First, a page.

China dairy growth: Rising consumer income and increased functional product innovation yields large leap
China’s dairy industry witnessed a large growth in per capita consumption in 2021, backed by rising consumer incomes and firms responding to current trends with the development of functional products.
According to data from the Dairy Association of China (DAC), 2021 saw the per capita consumption of milk in China rise to 14.4kg, a significant increase of 10.6% from the previous year.
“One of the contributing factors to this has been the recovery and rise of consumer income, allowing for a corresponding increase in demand for [quality] products such as dairy,” the association said via a formal statement.
Shanghai plant-based firm Haofood has exclusively revealed its ambitious expansion spans, both at home and abroad, after receiving a major funding boost from investors.
CEO Astrid Prajogo outlined plans to achieve a 4,000% to 6,000% growth through advancing its R&D infrastructure, diversifying sales channels and expanding to other regions.
“I feel extremely grateful and honoured. This funding can empower us to accelerate our business.
“When I was about to build Haofood, I intended to do good. I thought… How can I secure a good future for my daughter? She’s 20 now. What kind of life and environment do we want to pass on to them? This makes me think time and again. What I do will come back to me,” said Astrid.
The rapid adoption of digitalisation and robotics is making serious waves to amplify China’s status in the food and agtech sectors, claims a leading regional investment expert.
For example, China is now heavily dependent on drones to monitor and even conduct plant operations, such as spraying fertilisers and pesticides, said industry expert Isabelle Decitre.
“The most popular and trending in China is the use of drones. It has become commercial equipment for agriculture,” said Decitre, the CEO of ID Capital.
Consuming up to 100g of dairy daily can help prevent the incidence of fractures among Chinese adults, according to a new review.
The review titled Association between Dairy Product Intake and Risk of Fracture among Adults: A Cohort Study from China Health and Nutrition Survey was published in the journal Nutrients.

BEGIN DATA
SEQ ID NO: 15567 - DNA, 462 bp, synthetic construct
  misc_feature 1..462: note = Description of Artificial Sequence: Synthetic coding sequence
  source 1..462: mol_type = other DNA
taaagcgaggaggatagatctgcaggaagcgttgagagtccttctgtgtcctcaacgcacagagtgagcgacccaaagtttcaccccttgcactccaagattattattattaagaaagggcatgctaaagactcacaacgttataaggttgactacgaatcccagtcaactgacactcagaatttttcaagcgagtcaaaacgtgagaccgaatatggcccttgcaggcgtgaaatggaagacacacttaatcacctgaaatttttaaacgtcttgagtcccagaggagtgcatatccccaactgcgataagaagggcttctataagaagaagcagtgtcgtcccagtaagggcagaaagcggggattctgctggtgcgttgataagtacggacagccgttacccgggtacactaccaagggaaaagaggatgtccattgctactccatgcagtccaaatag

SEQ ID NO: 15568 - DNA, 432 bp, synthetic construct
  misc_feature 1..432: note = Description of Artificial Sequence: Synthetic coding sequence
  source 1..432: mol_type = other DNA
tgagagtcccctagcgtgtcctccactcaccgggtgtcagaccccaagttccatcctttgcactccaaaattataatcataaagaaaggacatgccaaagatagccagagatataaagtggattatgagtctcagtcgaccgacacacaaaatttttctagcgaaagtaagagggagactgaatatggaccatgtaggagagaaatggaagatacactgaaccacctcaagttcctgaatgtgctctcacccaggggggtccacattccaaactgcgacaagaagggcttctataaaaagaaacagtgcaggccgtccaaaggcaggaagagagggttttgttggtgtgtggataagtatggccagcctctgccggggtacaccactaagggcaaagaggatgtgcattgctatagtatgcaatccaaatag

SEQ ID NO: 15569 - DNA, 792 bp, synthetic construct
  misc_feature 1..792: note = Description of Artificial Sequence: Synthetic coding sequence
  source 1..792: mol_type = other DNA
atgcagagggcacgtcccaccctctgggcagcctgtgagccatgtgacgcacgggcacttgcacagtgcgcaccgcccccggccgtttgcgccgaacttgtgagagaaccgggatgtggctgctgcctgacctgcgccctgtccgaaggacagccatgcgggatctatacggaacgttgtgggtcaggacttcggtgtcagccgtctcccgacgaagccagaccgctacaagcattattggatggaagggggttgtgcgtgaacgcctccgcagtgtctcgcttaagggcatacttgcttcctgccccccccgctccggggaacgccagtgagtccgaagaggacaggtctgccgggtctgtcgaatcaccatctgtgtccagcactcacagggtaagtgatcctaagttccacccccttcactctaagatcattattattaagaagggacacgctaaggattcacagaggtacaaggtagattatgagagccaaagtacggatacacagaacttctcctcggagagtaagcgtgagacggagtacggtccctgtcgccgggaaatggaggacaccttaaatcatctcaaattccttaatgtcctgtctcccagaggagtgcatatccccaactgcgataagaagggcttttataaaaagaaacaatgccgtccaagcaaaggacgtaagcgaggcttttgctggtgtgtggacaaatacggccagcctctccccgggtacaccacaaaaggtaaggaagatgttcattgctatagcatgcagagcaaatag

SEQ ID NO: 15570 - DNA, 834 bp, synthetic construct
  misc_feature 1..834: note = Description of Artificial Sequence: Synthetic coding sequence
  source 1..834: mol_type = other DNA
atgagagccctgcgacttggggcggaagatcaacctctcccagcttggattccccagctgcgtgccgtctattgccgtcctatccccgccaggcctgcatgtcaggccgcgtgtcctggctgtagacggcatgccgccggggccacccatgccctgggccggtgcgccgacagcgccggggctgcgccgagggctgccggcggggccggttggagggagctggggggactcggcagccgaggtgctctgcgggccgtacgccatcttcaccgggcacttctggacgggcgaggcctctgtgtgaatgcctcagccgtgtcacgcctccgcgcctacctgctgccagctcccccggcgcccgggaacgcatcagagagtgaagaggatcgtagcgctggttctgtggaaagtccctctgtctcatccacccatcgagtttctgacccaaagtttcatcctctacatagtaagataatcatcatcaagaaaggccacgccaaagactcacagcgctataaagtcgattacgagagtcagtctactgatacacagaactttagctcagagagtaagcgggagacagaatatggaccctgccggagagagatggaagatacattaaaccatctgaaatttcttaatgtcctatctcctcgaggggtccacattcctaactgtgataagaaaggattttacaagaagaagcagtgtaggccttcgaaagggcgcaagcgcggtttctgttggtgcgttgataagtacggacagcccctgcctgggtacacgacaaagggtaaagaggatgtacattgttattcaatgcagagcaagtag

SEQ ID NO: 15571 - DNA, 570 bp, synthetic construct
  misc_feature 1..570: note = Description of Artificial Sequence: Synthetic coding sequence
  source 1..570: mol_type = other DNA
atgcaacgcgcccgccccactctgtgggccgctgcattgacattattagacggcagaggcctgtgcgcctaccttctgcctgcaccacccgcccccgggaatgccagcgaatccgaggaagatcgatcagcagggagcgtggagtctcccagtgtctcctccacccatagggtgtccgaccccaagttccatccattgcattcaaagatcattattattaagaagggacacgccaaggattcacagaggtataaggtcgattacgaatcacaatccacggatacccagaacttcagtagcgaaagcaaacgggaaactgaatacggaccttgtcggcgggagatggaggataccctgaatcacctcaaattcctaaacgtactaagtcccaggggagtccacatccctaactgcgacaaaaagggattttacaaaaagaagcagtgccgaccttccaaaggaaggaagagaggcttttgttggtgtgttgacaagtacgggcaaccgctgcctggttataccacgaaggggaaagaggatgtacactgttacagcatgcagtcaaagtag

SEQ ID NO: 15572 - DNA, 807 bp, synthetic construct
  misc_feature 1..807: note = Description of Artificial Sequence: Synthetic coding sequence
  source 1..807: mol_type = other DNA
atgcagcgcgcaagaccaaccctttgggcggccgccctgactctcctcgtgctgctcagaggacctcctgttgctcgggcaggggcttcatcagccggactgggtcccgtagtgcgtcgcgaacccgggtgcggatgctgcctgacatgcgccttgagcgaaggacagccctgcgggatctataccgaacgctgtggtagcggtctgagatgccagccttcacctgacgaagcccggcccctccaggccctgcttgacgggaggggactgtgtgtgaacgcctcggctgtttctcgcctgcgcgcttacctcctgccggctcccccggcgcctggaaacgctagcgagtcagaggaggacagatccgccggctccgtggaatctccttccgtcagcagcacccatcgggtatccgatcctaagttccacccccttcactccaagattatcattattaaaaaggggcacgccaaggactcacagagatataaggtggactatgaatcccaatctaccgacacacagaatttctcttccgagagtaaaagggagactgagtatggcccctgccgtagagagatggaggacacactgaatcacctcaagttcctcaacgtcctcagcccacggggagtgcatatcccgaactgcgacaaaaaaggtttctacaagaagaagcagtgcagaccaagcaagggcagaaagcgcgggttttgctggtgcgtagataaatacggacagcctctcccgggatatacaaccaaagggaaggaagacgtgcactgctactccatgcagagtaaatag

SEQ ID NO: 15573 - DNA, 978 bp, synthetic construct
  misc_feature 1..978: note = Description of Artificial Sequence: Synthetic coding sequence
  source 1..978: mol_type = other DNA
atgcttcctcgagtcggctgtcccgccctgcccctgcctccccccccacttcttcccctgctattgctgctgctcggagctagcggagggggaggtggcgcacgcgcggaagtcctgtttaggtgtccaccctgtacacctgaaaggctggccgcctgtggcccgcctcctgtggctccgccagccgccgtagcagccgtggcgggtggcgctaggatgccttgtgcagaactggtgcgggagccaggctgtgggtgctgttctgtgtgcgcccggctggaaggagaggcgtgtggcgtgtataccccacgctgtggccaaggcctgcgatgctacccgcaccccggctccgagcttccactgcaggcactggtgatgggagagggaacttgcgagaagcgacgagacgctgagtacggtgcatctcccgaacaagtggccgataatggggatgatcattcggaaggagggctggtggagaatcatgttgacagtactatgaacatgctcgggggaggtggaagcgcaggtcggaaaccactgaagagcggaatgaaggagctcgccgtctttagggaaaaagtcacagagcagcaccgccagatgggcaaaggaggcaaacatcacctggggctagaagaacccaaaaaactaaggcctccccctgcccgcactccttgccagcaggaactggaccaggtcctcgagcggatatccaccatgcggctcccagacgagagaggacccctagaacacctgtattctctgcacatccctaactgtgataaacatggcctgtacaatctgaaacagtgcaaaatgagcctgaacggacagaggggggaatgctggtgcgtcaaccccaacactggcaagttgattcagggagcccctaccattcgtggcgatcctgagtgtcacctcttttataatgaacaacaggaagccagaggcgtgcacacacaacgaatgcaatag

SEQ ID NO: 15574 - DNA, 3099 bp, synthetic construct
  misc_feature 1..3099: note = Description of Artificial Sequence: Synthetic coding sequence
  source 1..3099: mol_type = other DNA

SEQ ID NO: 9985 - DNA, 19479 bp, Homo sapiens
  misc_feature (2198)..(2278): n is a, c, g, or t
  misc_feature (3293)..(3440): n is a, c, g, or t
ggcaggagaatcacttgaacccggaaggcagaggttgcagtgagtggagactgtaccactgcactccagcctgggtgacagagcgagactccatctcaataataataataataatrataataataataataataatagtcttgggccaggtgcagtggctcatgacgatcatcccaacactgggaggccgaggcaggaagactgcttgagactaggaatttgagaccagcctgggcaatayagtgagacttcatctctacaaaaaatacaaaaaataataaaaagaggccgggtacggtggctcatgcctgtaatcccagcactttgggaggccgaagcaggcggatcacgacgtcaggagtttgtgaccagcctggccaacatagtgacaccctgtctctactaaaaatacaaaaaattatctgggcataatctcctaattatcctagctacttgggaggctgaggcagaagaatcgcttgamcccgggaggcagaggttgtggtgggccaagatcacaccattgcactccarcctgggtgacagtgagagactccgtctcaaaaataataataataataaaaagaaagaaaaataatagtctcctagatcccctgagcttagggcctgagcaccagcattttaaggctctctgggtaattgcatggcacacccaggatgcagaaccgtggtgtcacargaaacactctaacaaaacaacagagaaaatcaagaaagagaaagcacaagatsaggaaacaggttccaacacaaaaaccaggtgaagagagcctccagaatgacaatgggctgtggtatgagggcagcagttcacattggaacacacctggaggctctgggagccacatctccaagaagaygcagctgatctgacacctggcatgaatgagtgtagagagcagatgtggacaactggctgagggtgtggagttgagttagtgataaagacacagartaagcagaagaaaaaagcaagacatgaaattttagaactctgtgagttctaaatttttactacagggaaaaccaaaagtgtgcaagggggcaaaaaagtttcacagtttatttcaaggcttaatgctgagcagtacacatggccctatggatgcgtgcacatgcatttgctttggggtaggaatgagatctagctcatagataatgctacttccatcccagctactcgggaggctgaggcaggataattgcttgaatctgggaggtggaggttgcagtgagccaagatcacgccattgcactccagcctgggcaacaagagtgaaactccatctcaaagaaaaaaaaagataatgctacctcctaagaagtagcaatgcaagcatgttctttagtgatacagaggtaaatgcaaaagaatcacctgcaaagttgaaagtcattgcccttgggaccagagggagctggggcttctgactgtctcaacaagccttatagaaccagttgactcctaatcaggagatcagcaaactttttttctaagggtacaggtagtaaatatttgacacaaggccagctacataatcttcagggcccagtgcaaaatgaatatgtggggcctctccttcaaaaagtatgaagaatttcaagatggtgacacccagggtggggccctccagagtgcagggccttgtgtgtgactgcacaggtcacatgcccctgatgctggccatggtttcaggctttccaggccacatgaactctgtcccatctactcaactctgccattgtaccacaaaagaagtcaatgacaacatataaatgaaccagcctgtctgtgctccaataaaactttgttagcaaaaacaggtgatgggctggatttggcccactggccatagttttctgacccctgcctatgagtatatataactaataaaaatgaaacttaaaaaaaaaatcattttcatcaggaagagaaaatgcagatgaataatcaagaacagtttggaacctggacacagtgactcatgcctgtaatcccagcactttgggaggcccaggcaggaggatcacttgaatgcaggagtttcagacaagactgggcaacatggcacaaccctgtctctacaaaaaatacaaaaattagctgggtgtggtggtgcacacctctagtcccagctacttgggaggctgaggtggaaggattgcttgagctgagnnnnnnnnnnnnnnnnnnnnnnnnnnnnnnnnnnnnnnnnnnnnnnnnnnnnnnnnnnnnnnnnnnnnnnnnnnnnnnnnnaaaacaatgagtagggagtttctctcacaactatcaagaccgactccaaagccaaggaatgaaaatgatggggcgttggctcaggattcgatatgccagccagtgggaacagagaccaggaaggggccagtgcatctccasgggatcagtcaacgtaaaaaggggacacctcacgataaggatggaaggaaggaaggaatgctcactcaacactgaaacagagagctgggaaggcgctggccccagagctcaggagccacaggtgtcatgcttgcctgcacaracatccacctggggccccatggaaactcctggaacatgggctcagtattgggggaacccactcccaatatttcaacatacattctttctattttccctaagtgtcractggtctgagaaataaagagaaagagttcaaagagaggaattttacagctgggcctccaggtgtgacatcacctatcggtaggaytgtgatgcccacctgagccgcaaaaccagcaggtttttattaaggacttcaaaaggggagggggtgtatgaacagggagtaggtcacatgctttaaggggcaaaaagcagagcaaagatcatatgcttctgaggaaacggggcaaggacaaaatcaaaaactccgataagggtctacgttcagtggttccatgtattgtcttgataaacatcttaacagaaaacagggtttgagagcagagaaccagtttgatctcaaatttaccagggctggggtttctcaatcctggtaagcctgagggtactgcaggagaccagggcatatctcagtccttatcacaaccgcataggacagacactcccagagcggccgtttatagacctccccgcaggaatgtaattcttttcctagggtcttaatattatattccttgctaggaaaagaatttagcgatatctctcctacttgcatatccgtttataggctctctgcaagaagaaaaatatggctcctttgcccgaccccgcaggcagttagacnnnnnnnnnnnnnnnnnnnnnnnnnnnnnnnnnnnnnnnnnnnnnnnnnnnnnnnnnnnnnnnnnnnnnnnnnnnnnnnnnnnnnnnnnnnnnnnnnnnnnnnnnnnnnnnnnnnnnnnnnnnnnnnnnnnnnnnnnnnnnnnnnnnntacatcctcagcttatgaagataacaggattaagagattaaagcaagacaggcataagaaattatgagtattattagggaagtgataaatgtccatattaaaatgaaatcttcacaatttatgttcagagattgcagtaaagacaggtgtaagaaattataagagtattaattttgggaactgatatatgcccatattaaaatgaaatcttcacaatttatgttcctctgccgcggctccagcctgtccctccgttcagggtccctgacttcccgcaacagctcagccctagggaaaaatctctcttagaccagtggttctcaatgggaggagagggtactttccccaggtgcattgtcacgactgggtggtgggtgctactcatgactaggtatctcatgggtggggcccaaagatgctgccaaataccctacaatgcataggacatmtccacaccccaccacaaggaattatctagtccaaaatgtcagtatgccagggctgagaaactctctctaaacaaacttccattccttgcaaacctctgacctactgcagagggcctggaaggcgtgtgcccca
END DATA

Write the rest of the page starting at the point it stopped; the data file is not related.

“Dairy product intake is much lower in China than in America and European countries and is below the recommendation of the Chinese Dietary Guideline in 2016 for adults (300g daily), which causes an insufficient intake of multiple nutrients, such as calcium and protein.
“Based on different intake statuses of nutrients, such as calcium and protein, between populations in China and other countries, we hypothesised that the effect of dairy products on bone health in China may be very different from that in countries," said the researchers.
Chinese plant-based yoghurt firm Jooma has launched a new coconut yoghurt range and revamped its almond yoghurt recipe, in addition to colour-coding its various products to enhance its consumer appeal in the market.
When we spoke with Jooma last year, the firm had just launched its first plant-based almond yoghurt range, but its market research has since uncovered that almond is what has been described as a ‘polarising’ flavour in the market.
“By polarising, it basically means that there are consumers who absolutely love the almond yoghurt and the strong almond taste because we don’t use almond milk but instead a whole handful of actual almonds – but also that there are consumers who don’t like the almond taste and smell at all,” Jooma’s parent company NOIX AG’s Founder and CEO Dr Stefan Schmale told FoodNavigator-Asia.